A vote on whether the Strip District’s Fruit Auction and Sales Building should be designated as a historic structure will be delayed another week.
Council’s newest member, Deb Gross, represents the Strip District, and is in favor of preserving the building to the fullest extent possible.
“Having said the word 'preserve,' everyone understands that some modifications are going to be needed to that property in order for it to achieve a positive function in the Strip District and a positive function in the business mix,” Gross said.
In Wednesday’s Council Committee meeting, questions were raised about the need for such a designation.
The building is currently owned by the Urban Redevelopment Authority and is leased to Buncher Company, a real estate developer.
As part of the agreement between the URA and Buncher, the developer will have the option to purchase the building until the end of 2015. The disposition agreement also requires that the sale be approved by City Council before it is finalized.
But neither the URA nor the assistant city solicitor could speak to whether or not council members could modify the sale agreement.
“I don’t understand the value in it coming to the council for oversight if there isn’t an ability to put conditions on the sale,” said Councilman Bruce Kraus.
Kraus said, if the issue came up for a vote during that meeting, he would vote for it, but that he was in favor of preserving through other means if possible. The councilman expressed frustration over the lack of information available about what final City Council approval of the sale would entail.
Paul Svoboda, special projects manager at the URA, said historic preservation is already built into the disposition agreement, which was negotiated with the help of the State Historic Museum Commission, the Heinz History Center, Neighbors in the Strip, and the Young Preservationists, among other groups.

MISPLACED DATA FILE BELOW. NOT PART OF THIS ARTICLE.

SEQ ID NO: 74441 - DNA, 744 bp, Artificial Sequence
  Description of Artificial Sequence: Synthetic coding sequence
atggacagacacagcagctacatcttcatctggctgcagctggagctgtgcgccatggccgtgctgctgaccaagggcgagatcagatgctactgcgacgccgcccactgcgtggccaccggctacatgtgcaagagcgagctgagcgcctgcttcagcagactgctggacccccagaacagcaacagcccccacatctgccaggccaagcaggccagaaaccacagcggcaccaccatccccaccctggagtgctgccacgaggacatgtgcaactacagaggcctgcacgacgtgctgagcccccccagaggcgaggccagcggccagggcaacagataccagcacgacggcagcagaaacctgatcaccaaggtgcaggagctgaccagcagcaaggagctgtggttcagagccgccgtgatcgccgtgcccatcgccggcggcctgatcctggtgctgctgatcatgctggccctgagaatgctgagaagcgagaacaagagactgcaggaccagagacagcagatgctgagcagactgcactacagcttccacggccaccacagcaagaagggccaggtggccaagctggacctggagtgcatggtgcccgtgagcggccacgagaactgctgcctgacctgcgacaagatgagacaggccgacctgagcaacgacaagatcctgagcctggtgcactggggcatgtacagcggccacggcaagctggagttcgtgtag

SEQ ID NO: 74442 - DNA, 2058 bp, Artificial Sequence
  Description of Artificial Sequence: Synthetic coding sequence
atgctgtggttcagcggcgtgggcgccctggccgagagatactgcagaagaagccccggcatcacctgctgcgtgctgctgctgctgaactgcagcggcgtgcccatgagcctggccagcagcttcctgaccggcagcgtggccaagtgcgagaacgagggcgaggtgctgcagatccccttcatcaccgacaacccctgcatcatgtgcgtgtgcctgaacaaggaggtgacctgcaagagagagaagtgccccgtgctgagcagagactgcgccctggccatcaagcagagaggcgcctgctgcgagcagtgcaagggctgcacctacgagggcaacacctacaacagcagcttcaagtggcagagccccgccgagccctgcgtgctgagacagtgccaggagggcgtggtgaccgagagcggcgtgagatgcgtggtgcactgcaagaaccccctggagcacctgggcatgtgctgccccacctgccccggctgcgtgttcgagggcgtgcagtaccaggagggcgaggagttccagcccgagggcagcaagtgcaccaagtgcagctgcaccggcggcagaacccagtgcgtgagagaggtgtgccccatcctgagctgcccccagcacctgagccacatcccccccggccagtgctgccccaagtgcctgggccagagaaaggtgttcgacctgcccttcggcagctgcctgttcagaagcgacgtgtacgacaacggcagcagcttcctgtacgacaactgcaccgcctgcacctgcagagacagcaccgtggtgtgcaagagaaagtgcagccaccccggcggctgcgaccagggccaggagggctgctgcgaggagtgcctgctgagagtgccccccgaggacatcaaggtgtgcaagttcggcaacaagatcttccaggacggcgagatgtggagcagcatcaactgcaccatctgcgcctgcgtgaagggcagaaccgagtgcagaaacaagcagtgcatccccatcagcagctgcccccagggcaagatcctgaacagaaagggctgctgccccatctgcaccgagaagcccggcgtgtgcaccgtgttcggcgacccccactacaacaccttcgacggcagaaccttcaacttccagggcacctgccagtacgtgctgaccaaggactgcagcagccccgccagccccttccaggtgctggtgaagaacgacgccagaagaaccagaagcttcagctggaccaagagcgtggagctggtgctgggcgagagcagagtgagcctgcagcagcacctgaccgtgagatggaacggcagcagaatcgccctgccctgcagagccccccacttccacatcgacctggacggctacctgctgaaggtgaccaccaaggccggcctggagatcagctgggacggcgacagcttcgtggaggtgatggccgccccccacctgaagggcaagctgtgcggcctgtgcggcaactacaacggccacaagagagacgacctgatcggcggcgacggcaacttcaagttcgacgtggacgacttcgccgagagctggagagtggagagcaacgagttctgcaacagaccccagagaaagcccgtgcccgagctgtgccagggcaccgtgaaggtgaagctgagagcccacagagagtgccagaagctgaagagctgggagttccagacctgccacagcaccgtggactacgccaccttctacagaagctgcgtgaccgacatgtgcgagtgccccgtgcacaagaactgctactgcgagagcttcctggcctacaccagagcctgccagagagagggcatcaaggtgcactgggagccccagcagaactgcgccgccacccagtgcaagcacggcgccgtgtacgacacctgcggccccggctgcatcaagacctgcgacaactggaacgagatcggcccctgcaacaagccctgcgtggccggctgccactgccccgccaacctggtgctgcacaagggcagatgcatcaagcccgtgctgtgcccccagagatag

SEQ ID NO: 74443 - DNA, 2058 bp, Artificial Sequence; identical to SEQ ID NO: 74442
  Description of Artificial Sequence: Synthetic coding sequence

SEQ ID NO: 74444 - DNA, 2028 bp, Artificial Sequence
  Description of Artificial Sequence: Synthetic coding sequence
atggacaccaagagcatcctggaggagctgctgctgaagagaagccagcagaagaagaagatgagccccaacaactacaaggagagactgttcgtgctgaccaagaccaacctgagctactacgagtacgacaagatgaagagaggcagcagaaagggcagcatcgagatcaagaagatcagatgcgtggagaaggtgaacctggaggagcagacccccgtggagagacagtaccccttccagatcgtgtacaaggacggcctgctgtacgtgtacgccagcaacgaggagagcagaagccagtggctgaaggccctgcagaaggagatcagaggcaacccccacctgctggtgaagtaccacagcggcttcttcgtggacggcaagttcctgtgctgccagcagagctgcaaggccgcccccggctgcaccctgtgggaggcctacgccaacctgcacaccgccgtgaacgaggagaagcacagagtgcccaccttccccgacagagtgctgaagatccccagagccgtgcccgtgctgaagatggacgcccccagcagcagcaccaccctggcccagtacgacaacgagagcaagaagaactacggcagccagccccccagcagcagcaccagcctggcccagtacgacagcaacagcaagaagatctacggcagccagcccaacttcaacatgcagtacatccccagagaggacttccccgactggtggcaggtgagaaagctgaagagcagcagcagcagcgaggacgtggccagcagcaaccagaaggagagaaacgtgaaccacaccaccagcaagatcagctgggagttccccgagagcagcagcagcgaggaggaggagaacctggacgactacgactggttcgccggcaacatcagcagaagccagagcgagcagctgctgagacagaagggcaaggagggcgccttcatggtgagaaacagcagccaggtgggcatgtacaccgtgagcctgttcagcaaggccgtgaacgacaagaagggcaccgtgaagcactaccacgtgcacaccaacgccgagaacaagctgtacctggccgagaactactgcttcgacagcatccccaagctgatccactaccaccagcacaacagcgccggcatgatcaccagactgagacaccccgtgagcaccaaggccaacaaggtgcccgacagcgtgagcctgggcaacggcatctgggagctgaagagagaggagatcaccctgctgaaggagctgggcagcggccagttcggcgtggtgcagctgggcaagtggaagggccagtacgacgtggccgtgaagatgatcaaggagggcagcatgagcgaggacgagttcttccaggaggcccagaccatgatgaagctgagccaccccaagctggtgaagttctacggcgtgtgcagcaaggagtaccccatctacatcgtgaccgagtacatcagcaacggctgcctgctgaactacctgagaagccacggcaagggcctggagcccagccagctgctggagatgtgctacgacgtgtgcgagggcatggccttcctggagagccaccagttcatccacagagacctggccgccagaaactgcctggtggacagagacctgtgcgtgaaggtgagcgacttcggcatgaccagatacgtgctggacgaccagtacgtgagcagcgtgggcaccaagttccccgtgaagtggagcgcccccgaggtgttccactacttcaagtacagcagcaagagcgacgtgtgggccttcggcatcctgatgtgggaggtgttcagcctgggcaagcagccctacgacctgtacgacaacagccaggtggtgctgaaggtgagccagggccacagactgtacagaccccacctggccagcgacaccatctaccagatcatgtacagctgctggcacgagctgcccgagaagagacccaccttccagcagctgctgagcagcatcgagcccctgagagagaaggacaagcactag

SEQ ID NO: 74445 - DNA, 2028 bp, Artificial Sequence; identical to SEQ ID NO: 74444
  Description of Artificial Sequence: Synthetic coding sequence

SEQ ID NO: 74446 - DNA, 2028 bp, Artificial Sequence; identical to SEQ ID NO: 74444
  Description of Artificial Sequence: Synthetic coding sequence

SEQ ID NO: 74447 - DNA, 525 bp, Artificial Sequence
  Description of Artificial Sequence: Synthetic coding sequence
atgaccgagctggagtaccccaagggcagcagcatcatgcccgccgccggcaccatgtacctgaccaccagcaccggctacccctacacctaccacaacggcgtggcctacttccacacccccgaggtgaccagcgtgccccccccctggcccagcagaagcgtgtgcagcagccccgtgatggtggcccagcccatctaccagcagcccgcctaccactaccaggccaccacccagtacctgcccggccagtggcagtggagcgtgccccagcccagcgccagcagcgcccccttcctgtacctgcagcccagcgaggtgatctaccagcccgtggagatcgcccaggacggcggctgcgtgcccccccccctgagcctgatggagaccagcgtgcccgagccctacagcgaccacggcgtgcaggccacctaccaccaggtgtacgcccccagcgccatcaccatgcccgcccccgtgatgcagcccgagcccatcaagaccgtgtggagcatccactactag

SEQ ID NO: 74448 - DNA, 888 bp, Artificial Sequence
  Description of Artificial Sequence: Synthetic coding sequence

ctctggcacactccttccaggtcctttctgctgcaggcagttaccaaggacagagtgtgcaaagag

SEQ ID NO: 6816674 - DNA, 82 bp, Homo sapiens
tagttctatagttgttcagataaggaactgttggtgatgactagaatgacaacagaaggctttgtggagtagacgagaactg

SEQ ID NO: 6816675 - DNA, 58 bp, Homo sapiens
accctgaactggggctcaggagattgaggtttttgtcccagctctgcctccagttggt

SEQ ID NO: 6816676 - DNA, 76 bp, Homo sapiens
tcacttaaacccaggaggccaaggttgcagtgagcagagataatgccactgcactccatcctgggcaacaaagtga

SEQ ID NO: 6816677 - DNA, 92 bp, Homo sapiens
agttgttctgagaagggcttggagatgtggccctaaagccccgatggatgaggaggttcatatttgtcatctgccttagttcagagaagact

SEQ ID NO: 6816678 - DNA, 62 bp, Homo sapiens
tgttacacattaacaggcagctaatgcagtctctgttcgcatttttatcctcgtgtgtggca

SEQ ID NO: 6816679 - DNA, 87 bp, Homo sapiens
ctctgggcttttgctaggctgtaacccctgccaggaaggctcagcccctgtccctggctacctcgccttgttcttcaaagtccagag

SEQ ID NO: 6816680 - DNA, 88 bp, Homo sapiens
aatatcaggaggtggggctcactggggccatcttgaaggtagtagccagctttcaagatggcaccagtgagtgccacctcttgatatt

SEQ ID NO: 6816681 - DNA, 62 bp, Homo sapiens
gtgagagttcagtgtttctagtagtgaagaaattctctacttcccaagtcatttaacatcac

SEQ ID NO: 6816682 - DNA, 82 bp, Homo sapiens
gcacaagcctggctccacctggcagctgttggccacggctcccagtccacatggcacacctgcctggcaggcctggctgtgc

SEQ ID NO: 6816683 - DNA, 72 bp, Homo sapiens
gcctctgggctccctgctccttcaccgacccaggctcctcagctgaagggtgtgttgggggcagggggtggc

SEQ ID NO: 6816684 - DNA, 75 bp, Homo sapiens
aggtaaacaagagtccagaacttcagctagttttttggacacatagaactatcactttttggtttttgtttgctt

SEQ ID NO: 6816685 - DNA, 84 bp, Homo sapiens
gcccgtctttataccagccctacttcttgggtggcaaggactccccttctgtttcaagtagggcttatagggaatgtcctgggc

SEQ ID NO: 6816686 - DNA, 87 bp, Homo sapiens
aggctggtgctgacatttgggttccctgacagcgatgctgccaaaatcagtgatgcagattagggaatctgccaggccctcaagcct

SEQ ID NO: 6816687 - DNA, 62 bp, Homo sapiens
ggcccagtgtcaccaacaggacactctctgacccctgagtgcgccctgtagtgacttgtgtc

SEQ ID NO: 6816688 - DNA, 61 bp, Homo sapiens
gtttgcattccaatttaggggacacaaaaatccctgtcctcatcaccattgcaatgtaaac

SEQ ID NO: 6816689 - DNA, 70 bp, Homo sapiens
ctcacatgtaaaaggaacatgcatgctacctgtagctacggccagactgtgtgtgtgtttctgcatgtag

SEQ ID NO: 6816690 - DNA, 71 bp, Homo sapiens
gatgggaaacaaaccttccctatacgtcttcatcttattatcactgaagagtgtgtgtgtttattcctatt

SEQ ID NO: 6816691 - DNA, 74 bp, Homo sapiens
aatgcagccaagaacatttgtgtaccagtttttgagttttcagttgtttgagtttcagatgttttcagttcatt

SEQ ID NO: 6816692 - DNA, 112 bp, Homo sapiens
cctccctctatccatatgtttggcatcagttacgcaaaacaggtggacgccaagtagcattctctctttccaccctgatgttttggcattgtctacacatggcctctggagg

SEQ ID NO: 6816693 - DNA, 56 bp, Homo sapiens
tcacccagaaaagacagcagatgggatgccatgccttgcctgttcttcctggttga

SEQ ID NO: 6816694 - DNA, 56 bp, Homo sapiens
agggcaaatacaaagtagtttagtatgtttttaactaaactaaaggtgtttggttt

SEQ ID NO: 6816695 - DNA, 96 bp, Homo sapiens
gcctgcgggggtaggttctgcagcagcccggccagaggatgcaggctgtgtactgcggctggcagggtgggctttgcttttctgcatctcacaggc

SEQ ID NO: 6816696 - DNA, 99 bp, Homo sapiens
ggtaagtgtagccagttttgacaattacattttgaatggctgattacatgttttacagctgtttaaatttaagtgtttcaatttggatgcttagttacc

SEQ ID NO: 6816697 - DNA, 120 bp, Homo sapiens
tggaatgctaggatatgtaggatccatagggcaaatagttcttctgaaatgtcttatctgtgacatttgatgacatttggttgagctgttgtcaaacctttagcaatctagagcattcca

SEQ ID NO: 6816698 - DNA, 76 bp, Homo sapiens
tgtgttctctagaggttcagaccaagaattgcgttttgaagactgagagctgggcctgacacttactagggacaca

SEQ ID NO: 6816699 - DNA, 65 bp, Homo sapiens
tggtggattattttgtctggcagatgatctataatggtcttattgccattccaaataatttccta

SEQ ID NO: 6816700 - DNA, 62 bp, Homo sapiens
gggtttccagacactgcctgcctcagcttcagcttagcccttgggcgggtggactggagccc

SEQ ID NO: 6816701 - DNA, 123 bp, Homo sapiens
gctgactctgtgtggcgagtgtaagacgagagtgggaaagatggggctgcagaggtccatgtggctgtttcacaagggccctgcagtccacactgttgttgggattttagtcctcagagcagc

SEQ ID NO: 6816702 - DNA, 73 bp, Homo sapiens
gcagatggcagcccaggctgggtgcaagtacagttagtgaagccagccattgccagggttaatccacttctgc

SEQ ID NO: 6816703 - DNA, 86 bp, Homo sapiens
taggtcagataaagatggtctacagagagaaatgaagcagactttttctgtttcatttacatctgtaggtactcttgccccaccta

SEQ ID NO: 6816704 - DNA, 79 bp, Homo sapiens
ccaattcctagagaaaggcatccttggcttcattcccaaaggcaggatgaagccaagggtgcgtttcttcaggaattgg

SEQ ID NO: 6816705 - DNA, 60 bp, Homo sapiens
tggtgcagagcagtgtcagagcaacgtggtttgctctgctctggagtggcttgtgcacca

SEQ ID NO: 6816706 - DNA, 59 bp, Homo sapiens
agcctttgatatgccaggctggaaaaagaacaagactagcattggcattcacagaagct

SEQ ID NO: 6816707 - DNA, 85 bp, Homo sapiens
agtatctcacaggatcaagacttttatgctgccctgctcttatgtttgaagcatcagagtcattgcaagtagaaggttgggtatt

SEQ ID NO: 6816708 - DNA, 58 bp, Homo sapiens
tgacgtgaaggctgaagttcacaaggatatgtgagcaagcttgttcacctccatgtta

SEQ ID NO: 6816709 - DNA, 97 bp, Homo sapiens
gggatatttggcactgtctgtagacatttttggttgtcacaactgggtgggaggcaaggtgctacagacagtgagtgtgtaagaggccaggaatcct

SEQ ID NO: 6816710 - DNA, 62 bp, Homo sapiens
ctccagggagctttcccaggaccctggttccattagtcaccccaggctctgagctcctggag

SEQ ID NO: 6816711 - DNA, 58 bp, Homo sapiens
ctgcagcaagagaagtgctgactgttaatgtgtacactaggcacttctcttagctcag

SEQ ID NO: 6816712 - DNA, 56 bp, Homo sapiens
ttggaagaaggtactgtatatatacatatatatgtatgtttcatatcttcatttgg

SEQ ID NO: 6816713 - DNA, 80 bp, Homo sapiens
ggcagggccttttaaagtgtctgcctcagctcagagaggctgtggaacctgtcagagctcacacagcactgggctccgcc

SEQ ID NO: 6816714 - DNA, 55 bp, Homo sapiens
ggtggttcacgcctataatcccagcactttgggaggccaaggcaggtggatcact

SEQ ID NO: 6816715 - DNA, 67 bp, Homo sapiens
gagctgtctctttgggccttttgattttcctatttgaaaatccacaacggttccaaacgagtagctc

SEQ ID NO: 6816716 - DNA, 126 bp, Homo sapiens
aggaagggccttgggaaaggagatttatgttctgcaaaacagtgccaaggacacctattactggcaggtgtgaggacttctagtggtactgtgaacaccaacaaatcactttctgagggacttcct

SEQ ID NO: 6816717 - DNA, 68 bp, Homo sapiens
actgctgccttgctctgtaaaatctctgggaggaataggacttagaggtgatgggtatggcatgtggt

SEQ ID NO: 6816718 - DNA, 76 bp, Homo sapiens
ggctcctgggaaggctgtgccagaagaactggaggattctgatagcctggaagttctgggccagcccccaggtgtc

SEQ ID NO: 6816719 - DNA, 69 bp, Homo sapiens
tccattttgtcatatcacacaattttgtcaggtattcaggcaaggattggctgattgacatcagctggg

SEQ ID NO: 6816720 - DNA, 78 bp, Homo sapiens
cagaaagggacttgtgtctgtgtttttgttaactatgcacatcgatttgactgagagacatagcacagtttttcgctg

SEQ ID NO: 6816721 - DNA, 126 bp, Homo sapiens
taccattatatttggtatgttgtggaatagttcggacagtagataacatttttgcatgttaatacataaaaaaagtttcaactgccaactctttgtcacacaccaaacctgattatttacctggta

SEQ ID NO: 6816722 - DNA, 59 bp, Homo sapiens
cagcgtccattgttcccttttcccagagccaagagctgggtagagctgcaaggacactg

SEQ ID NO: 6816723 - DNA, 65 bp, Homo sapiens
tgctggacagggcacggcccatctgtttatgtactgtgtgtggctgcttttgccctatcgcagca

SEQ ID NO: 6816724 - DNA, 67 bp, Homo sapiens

The agreement allows for demolition of approximately 500 square feet of the building, while leaving the remainder of the 1500 foot long structure intact.
Svoboda said the agreement requires that Buncher repair the existing structure with materials salvaged from demolition or with appropriate like materials.
He said that agreement already negotiated with Buncher will actually do a better job of preserving the building than a historic designation would, calling this development “one of most overseen projects” in the city.
“If we see a violation taking place, they’d be in breach of contract,” Svoboda said. “We’d be able to foreclose on the contract, and we’d be able to pull the property back into city hands immediately.”
The historic designation of the produce terminal is supported by Preservation Pittsburgh. Svoboda said the URA asked for input from that group in crafting the agreement with Buncher, but that the group declined to participate.
Council also asked the city solicitor to find out if just a portion of the building could be designated as a historic structure, and if the issue could be brought up in a future council if it is voted down in this council.
Buncher has previously said that a historic designation could deter them from purchasing the building at all. Representatives from the company did not immediately respond to a request for comment on this story.